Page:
When a gay couple or single man starts thinking about trying for a family, there are lots of issues to consider.
Many relate to how you might go about creating your family. Is overseas surrogacy an option? What about altruistic surrogacy in Victoria? What relationship might your family have with your egg donor or surrogate? Would you consider co-parenting with a single woman or lesbian couple? How about fostering? The Options for gay men wanting to become parents (rather than known donors) are not straightforward, and some are costly. However, there are increasing number of gay dads in Victoria – it’s important to find out from others what has worked for them, and to get support.
Various factors will influence the decisions you make. The main ones fall into two groups: the relevant laws, and your personal values and circumstances. Click on the links below for more information, and discussion of many key issues.
All of this information is available to download as part of our Rainbow Families information kit, including a PDF for prospective gay male parents, and the corresponding information sheets for prospective egg donors and surrogates. There is a separate PDF and section of this website for men interested in exploring being a known donor to a single woman or lesbian couple.
Of course, you need to understand the relevant laws and your Options for conception. But a good place to start is with by considering your personal values and circumstances. How would you (ideally) like to create and raise your family? Read more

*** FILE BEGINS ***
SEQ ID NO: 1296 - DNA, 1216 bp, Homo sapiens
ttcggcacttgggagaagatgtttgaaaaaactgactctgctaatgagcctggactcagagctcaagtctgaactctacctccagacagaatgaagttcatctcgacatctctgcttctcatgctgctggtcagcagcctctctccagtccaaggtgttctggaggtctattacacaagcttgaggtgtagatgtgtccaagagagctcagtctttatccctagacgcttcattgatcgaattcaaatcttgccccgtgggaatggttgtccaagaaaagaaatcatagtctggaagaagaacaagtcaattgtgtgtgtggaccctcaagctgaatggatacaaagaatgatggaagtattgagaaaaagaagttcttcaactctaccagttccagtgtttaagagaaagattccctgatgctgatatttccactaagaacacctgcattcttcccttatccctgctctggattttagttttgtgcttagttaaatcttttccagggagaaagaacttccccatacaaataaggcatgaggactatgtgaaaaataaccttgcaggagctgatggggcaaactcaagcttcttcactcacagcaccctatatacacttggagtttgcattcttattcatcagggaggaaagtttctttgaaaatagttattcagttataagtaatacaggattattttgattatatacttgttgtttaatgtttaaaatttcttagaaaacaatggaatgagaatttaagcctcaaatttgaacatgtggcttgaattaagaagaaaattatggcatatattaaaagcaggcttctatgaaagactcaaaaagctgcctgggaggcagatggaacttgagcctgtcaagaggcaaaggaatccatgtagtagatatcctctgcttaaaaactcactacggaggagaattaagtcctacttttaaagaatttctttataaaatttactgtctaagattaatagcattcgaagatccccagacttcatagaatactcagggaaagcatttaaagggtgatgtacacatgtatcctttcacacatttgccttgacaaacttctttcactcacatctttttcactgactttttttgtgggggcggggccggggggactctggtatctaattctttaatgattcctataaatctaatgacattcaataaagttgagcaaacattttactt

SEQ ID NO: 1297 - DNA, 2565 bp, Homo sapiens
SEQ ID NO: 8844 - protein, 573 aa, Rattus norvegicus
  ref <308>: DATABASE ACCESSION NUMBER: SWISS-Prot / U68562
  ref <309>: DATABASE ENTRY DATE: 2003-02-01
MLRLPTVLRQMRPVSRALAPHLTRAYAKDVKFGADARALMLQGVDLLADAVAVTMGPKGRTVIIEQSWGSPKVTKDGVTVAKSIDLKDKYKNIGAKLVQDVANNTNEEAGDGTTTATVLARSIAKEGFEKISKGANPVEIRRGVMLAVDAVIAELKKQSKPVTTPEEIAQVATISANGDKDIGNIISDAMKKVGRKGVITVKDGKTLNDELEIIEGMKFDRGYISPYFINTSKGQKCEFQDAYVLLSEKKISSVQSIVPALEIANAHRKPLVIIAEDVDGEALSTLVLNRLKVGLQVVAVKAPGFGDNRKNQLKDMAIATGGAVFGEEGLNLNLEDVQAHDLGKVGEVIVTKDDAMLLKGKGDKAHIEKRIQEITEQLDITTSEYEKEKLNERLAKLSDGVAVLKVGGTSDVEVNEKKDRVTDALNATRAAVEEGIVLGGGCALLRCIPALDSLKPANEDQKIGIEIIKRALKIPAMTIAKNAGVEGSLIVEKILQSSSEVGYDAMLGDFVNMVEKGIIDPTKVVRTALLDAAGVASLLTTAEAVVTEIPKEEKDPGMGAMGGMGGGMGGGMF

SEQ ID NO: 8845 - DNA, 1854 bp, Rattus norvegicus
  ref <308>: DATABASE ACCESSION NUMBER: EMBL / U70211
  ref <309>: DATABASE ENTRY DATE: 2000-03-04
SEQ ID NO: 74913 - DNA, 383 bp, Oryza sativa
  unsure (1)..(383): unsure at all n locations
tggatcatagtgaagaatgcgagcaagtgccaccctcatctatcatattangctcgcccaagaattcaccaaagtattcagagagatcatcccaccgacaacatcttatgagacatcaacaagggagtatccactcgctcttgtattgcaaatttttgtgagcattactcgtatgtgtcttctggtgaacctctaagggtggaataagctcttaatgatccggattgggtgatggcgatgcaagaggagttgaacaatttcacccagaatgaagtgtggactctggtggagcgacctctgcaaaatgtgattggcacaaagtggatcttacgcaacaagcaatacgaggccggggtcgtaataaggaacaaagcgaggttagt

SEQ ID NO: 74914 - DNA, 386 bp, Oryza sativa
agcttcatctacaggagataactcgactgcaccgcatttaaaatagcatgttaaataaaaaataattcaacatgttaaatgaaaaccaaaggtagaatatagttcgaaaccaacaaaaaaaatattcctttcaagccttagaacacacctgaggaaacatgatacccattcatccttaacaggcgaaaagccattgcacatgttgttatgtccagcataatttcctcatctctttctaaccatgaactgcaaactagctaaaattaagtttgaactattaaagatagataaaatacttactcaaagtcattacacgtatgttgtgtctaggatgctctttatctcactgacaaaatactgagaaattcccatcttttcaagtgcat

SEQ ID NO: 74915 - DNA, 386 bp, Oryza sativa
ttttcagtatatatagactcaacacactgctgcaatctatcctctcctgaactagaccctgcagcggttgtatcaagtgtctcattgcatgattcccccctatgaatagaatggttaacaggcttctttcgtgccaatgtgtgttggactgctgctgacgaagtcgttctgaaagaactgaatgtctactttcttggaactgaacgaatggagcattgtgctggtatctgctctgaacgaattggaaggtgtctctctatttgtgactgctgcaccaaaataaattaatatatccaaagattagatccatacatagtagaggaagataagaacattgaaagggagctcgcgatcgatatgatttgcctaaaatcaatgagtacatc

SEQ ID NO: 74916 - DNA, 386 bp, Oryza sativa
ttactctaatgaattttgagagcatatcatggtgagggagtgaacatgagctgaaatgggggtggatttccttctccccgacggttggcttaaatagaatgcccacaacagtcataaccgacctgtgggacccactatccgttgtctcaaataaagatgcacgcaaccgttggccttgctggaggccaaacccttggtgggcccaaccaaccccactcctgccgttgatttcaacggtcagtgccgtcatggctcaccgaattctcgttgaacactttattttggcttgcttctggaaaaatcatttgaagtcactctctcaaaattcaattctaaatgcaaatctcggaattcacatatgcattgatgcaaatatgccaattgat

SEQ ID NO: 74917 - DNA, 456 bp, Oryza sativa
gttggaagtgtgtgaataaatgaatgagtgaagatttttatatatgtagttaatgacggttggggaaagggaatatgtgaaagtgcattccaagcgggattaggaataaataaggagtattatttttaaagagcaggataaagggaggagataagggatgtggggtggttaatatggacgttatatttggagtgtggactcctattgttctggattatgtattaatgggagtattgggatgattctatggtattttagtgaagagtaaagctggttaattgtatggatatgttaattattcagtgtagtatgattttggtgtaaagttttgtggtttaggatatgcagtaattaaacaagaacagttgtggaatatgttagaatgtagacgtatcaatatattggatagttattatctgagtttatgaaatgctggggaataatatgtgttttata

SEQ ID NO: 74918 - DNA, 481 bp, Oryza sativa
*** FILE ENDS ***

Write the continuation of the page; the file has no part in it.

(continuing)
The 2008 reforms opened up the option of altruistic surrogacy as a way for gay men to create their families, and be legally recognised as their children’s parents. Here we give a brief run-down on what is involved, along with some of the key legal issues.
Commercial surrogacy is not available in Australia. However, some Australian men travel to conceive their children through overseas surrogacy services. At present, court parenting orders are still required to recognise the parenting role of both the biological and non-biological father in these circumstances.
Foster care agencies have long recognised that gay couples and single men can provide loving, stable homes for children require short or long term foster care of those on permanent care orders.
Co-parenting mean sharing all significant parenting responsibilities, such as living with (whether in one household or two), providing for the child, and making both day-to-day and longer-term decisions for them. It is a very different role from that of known donor, and doesn’t fit any current legal ‘box’ in Victoria, although there are ways to legally recognize everyone’s parental roles in a co-parent family.
It is absolutely critical that everyone involved in discussions about creating a co-parent family is very clear about what they want, and that it is what everyone wants. Here we list some key issues for discussion, some issues around the law and co-parent families, and ideas of what you could include in a written agreement.
Every family has issues from time to time. Ideally, you’ll be able to sort them out yourselves. Hopefully, you will have made an agreement upfront about what should happen if you can’t. You might consider involving a mediator or counsellor before things get too difficult. Do whatever you can to stay out of court. But if you do end up in there, remember that a court cannot change a child’s legal parentage, but is likely to seek to maintain the child’s relationships with all of the significant people in their life. Always seek legal advice on the specifics of your situation.
Rainbow Families Council produced the information in this section of our website in October 2010. We have made every effort to ensure the kit is correct, but accept no liability for information given. Information will be regularly updated on our website. We strongly advise that you seek medical and legal advice and specialist counselling relevant to your specific situation.